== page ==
Charles McCarry meets the kind of Goldilocks/middlebrow standard I look for in spy novels: not too complex, not too simple, not too jingoistic, not too cynical. Juuuuust right.
This is the third I’ve read of his Paul Christopher series and like the last two, the plot gripped me. It’s a deep plot but not so convoluted that it loses the reader. Every scene has a purpose; there are few red herrings. It hurtles its way towards its sad, surprising end, tying in perfectly with the title of the novel.
The characters are great too. I like McCarry’s say-little, stay-focused protagonist and how he navigates the complex world of Cold War espionage. James Bond he is not, but it is a realistic, honest look at how field agents actually do the work.
Yet it’s McCarry’s attitude towards nationalism and sex that really stand out to me. McCarry is not an “America, hell yeah!” kind of writer. He doesn’t glorify his come country, nor does he spend his time knocking it like many espionage works do. Spying is just what Paul Christopher does and he does it well and this happens to be his team. Stay in the game long enough, it’ll knock the ideology out of the most hardened zealot. Yet Christopher never loses sight of his mission.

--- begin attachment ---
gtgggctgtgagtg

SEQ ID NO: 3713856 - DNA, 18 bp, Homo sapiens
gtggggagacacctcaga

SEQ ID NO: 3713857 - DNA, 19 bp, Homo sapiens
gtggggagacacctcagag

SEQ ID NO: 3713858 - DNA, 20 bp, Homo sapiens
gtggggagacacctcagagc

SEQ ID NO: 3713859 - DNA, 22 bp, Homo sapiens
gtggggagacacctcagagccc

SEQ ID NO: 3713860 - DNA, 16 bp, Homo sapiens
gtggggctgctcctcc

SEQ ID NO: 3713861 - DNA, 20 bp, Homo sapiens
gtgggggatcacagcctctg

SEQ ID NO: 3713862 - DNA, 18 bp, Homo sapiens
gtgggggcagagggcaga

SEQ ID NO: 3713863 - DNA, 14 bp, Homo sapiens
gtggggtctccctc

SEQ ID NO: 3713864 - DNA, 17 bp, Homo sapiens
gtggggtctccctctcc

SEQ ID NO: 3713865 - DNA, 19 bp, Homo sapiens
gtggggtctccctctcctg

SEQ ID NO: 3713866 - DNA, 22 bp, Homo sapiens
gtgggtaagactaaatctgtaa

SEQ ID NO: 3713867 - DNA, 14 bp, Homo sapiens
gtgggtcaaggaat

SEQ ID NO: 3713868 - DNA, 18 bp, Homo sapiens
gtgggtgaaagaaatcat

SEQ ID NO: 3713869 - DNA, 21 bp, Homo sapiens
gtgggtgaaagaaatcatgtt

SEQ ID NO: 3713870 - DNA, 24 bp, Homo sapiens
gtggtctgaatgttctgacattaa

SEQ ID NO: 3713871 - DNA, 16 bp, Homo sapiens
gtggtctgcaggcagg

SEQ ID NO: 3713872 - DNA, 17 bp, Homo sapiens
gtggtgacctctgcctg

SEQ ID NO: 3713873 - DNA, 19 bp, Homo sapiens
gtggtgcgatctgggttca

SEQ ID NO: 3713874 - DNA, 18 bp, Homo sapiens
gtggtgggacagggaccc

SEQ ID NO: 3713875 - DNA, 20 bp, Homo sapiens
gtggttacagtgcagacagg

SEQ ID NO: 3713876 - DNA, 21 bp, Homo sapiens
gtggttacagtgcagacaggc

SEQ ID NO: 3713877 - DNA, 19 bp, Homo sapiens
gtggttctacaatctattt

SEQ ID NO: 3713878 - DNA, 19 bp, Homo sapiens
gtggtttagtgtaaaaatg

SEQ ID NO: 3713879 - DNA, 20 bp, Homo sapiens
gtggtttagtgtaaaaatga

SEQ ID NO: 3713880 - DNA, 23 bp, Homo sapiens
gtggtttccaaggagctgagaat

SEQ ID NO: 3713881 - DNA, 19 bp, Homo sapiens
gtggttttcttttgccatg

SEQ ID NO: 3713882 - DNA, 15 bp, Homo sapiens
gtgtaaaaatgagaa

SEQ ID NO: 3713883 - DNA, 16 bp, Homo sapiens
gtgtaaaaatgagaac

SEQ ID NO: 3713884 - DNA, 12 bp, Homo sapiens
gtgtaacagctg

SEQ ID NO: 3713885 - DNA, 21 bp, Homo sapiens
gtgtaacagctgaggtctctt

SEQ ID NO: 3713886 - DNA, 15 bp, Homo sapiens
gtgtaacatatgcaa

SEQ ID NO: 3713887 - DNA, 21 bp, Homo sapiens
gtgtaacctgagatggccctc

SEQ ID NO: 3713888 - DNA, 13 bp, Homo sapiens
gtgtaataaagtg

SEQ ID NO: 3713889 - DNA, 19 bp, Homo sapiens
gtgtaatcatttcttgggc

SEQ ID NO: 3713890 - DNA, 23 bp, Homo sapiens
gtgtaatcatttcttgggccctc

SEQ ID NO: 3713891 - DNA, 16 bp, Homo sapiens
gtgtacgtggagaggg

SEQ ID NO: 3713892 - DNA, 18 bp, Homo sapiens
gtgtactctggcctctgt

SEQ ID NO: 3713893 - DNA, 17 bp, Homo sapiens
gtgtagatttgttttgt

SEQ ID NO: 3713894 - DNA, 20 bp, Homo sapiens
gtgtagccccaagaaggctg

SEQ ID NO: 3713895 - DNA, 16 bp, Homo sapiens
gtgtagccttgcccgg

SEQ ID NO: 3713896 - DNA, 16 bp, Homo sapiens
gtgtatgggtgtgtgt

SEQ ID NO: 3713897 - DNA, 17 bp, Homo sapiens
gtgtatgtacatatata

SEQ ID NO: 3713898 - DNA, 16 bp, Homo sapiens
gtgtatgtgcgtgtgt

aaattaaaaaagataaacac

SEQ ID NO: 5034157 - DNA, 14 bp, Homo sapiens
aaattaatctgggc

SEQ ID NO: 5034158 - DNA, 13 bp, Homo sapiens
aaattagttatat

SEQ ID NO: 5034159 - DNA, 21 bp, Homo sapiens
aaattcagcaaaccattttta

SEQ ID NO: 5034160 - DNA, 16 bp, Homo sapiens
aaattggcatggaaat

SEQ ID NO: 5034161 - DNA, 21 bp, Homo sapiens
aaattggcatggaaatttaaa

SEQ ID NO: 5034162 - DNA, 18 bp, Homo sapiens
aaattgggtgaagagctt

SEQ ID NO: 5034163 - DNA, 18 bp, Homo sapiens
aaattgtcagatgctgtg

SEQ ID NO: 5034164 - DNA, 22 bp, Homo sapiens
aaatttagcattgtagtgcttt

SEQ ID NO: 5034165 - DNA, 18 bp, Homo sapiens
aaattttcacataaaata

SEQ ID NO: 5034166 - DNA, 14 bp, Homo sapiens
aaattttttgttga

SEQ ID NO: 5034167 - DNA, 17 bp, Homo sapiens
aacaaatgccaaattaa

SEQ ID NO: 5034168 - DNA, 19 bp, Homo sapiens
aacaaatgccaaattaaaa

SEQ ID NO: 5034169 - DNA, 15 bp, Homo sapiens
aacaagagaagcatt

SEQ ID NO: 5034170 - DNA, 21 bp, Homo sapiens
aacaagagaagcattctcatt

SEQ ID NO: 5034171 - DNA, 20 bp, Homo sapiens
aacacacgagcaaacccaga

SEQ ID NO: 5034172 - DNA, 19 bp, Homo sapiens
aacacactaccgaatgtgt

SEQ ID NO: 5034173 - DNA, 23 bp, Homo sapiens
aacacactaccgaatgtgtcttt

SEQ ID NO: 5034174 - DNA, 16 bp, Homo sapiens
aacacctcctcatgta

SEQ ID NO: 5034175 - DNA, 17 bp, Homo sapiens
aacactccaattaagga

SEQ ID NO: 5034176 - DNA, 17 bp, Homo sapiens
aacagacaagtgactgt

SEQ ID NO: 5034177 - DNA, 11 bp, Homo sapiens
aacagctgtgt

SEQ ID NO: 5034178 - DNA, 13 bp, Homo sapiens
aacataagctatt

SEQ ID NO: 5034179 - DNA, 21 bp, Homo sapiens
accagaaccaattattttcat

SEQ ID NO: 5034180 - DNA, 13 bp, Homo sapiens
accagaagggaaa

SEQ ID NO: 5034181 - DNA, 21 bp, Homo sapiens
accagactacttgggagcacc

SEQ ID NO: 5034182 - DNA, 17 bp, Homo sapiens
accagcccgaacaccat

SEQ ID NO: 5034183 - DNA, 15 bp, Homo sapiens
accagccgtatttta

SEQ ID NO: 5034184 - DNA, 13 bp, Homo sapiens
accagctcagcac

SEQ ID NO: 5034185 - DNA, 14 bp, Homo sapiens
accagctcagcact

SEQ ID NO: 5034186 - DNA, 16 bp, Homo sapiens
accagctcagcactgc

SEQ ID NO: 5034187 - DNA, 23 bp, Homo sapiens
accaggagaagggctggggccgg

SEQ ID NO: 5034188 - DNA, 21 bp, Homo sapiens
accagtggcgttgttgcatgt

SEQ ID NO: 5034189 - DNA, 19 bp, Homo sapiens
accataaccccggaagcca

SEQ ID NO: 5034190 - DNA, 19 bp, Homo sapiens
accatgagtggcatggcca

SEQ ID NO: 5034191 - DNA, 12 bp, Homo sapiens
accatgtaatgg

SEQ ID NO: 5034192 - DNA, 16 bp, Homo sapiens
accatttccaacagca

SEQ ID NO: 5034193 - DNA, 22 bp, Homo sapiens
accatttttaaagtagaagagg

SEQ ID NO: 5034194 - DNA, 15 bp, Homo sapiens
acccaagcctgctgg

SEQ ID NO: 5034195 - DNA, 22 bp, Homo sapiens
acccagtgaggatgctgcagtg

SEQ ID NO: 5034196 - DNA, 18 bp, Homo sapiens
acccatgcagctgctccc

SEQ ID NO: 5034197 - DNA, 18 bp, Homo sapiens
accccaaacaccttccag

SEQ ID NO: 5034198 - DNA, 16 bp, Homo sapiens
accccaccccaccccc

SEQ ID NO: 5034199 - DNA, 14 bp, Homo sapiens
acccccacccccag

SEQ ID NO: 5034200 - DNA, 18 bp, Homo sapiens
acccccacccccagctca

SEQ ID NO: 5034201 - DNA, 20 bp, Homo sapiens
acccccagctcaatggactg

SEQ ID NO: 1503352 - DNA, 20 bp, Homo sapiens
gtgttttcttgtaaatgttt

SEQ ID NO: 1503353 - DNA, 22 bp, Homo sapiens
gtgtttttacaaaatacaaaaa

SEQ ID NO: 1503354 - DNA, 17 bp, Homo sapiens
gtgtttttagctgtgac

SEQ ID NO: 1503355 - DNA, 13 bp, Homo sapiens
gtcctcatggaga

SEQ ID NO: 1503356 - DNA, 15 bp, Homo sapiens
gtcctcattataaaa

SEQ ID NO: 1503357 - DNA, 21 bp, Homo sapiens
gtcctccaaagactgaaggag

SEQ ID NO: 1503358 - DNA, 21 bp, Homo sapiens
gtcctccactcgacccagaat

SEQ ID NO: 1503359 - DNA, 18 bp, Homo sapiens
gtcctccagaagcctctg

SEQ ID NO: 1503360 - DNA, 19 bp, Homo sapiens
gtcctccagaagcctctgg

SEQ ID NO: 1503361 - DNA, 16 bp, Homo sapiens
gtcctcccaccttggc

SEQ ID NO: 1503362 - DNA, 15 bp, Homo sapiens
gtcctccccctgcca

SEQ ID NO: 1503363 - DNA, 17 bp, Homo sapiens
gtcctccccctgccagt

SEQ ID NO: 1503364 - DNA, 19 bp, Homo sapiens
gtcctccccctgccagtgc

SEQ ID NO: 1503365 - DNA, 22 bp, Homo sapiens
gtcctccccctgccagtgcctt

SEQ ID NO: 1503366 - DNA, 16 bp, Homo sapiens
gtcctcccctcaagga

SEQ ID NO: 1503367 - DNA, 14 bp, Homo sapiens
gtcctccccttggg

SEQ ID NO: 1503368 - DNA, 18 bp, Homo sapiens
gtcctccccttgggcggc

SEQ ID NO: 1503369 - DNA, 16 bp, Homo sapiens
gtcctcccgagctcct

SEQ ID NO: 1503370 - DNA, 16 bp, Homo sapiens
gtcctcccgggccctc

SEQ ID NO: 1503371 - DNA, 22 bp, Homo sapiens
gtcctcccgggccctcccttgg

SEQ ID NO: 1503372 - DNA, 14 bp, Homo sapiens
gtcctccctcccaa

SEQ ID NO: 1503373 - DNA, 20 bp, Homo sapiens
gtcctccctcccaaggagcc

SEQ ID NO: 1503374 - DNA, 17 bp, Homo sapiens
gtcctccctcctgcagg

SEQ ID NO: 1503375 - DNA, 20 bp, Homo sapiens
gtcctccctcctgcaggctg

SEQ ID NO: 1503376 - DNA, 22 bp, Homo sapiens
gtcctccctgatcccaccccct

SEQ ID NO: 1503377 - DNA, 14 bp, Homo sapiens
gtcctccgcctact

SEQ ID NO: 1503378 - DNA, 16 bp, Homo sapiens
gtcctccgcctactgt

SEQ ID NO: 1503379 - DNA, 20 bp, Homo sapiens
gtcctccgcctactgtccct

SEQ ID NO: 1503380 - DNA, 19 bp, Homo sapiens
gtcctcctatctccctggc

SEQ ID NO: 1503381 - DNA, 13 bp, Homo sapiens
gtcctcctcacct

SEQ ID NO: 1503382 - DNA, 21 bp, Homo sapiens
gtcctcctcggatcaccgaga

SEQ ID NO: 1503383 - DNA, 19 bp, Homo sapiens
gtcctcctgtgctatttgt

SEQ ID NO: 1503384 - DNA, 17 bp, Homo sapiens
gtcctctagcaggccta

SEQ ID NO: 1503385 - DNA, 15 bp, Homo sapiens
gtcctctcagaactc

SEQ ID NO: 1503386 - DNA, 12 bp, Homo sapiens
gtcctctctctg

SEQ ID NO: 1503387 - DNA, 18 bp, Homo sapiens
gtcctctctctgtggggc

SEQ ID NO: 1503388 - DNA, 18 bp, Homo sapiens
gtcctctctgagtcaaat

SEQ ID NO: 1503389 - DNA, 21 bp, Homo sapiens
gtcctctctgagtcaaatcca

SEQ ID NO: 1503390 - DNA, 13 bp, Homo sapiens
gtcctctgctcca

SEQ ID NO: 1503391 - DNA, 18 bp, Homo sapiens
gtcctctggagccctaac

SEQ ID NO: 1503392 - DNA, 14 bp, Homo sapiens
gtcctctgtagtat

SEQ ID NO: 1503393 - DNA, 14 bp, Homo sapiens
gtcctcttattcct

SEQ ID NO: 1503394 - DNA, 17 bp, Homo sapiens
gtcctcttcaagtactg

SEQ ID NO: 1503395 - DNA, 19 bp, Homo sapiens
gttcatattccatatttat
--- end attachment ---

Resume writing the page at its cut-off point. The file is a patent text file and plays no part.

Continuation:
And while I don’t want to spoil much regarding sex, the book breaks from conventional male-dominant norms in spy novels in a healthy way. I don’t want to give McCarry “woke points” but the book is open-minded for its time and might have rubbed the right people the wrong way. I appreciated that as someone who just read Goldfinger a few weeks ago and is still angry about the “man screws lesbian straight” subplot.
If you are looking for an entertaining, engaging spy series set in the Cold War, you couldn’t do much better than this.